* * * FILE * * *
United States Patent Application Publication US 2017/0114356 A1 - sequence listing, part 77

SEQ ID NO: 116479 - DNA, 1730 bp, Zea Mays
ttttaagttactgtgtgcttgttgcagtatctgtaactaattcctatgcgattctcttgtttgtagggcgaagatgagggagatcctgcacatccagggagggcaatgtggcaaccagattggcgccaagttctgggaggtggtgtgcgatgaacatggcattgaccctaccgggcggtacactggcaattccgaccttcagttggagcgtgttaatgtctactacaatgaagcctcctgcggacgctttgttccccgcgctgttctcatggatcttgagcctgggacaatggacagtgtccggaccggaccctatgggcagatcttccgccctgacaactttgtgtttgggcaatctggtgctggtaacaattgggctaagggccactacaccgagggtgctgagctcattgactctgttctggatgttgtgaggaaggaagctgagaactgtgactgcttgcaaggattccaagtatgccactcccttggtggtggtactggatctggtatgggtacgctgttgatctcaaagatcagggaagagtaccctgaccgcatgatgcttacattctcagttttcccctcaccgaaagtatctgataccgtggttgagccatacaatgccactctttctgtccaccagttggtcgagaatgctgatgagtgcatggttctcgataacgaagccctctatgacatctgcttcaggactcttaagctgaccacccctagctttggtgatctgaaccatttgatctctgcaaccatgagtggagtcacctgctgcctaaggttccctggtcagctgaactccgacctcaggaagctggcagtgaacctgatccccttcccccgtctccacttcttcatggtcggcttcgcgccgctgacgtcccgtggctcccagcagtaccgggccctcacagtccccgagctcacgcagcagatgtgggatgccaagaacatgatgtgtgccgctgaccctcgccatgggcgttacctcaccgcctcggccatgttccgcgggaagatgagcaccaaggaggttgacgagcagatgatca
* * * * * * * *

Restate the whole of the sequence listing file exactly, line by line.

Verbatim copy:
United States Patent Application Publication US 2017/0114356 A1 - sequence listing, part 77

SEQ ID NO: 116479 - DNA, 1730 bp, Zea Mays
ttttaagttactgtgtgcttgttgcagtatctgtaactaattcctatgcgattctcttgtttgtagggcgaagatgagggagatcctgcacatccagggagggcaatgtggcaaccagattggcgccaagttctgggaggtggtgtgcgatgaacatggcattgaccctaccgggcggtacactggcaattccgaccttcagttggagcgtgttaatgtctactacaatgaagcctcctgcggacgctttgttccccgcgctgttctcatggatcttgagcctgggacaatggacagtgtccggaccggaccctatgggcagatcttccgccctgacaactttgtgtttgggcaatctggtgctggtaacaattgggctaagggccactacaccgagggtgctgagctcattgactctgttctggatgttgtgaggaaggaagctgagaactgtgactgcttgcaaggattccaagtatgccactcccttggtggtggtactggatctggtatgggtacgctgttgatctcaaagatcagggaagagtaccctgaccgcatgatgcttacattctcagttttcccctcaccgaaagtatctgataccgtggttgagccatacaatgccactctttctgtccaccagttggtcgagaatgctgatgagtgcatggttctcgataacgaagccctctatgacatctgcttcaggactcttaagctgaccacccctagctttggtgatctgaaccatttgatctctgcaaccatgagtggagtcacctgctgcctaaggttccctggtcagctgaactccgacctcaggaagctggcagtgaacctgatccccttcccccgtctccacttcttcatggtcggcttcgcgccgctgacgtcccgtggctcccagcagtaccgggccctcacagtccccgagctcacgcagcagatgtgggatgccaagaacatgatgtgtgccgctgaccctcgccatgggcgttacctcaccgcctcggccatgttccgcgggaagatgagcaccaaggaggttgacgagcagatgatca